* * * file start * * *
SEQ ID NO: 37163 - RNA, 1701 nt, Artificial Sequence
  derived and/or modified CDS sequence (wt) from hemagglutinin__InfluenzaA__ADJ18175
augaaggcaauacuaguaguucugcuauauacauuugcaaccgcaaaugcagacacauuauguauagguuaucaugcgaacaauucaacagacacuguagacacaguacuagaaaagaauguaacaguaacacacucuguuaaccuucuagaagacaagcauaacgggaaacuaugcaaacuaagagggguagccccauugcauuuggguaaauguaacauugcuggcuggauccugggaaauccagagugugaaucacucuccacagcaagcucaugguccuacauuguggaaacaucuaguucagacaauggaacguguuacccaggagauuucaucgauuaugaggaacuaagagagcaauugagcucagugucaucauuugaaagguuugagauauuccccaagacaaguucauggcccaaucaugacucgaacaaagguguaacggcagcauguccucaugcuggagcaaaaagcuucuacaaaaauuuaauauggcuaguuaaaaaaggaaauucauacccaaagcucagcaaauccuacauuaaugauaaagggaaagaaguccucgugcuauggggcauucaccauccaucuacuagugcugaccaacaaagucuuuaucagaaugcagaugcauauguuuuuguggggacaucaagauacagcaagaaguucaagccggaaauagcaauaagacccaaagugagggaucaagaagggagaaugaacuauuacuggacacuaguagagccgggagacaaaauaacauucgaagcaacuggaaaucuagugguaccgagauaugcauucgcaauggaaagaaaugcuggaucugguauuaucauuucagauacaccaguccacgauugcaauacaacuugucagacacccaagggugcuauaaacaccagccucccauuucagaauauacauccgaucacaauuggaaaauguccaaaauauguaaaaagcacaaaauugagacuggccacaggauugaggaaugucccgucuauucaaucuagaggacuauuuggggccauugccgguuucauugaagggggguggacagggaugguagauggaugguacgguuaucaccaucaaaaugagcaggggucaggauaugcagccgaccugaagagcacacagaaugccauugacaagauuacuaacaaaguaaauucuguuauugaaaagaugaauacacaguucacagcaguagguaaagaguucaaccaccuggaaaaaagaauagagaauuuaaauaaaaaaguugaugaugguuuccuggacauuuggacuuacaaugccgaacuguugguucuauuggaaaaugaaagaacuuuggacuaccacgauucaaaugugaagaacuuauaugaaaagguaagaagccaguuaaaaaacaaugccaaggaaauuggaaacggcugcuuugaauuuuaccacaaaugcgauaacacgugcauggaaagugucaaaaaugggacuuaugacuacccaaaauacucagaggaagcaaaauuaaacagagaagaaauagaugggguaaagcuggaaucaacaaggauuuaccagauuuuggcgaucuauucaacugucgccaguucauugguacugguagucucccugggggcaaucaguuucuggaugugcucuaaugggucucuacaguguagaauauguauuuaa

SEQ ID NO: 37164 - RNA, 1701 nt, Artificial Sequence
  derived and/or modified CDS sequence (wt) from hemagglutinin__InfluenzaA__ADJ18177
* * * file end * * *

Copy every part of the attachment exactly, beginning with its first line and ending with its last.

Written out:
SEQ ID NO: 37163 - RNA, 1701 nt, Artificial Sequence
  derived and/or modified CDS sequence (wt) from hemagglutinin__InfluenzaA__ADJ18175
augaaggcaauacuaguaguucugcuauauacauuugcaaccgcaaaugcagacacauuauguauagguuaucaugcgaacaauucaacagacacuguagacacaguacuagaaaagaauguaacaguaacacacucuguuaaccuucuagaagacaagcauaacgggaaacuaugcaaacuaagagggguagccccauugcauuuggguaaauguaacauugcuggcuggauccugggaaauccagagugugaaucacucuccacagcaagcucaugguccuacauuguggaaacaucuaguucagacaauggaacguguuacccaggagauuucaucgauuaugaggaacuaagagagcaauugagcucagugucaucauuugaaagguuugagauauuccccaagacaaguucauggcccaaucaugacucgaacaaagguguaacggcagcauguccucaugcuggagcaaaaagcuucuacaaaaauuuaauauggcuaguuaaaaaaggaaauucauacccaaagcucagcaaauccuacauuaaugauaaagggaaagaaguccucgugcuauggggcauucaccauccaucuacuagugcugaccaacaaagucuuuaucagaaugcagaugcauauguuuuuguggggacaucaagauacagcaagaaguucaagccggaaauagcaauaagacccaaagugagggaucaagaagggagaaugaacuauuacuggacacuaguagagccgggagacaaaauaacauucgaagcaacuggaaaucuagugguaccgagauaugcauucgcaauggaaagaaaugcuggaucugguauuaucauuucagauacaccaguccacgauugcaauacaacuugucagacacccaagggugcuauaaacaccagccucccauuucagaauauacauccgaucacaauuggaaaauguccaaaauauguaaaaagcacaaaauugagacuggccacaggauugaggaaugucccgucuauucaaucuagaggacuauuuggggccauugccgguuucauugaagggggguggacagggaugguagauggaugguacgguuaucaccaucaaaaugagcaggggucaggauaugcagccgaccugaagagcacacagaaugccauugacaagauuacuaacaaaguaaauucuguuauugaaaagaugaauacacaguucacagcaguagguaaagaguucaaccaccuggaaaaaagaauagagaauuuaaauaaaaaaguugaugaugguuuccuggacauuuggacuuacaaugccgaacuguugguucuauuggaaaaugaaagaacuuuggacuaccacgauucaaaugugaagaacuuauaugaaaagguaagaagccaguuaaaaaacaaugccaaggaaauuggaaacggcugcuuugaauuuuaccacaaaugcgauaacacgugcauggaaagugucaaaaaugggacuuaugacuacccaaaauacucagaggaagcaaaauuaaacagagaagaaauagaugggguaaagcuggaaucaacaaggauuuaccagauuuuggcgaucuauucaacugucgccaguucauugguacugguagucucccugggggcaaucaguuucuggaugugcucuaaugggucucuacaguguagaauauguauuuaa

SEQ ID NO: 37164 - RNA, 1701 nt, Artificial Sequence
  derived and/or modified CDS sequence (wt) from hemagglutinin__InfluenzaA__ADJ18177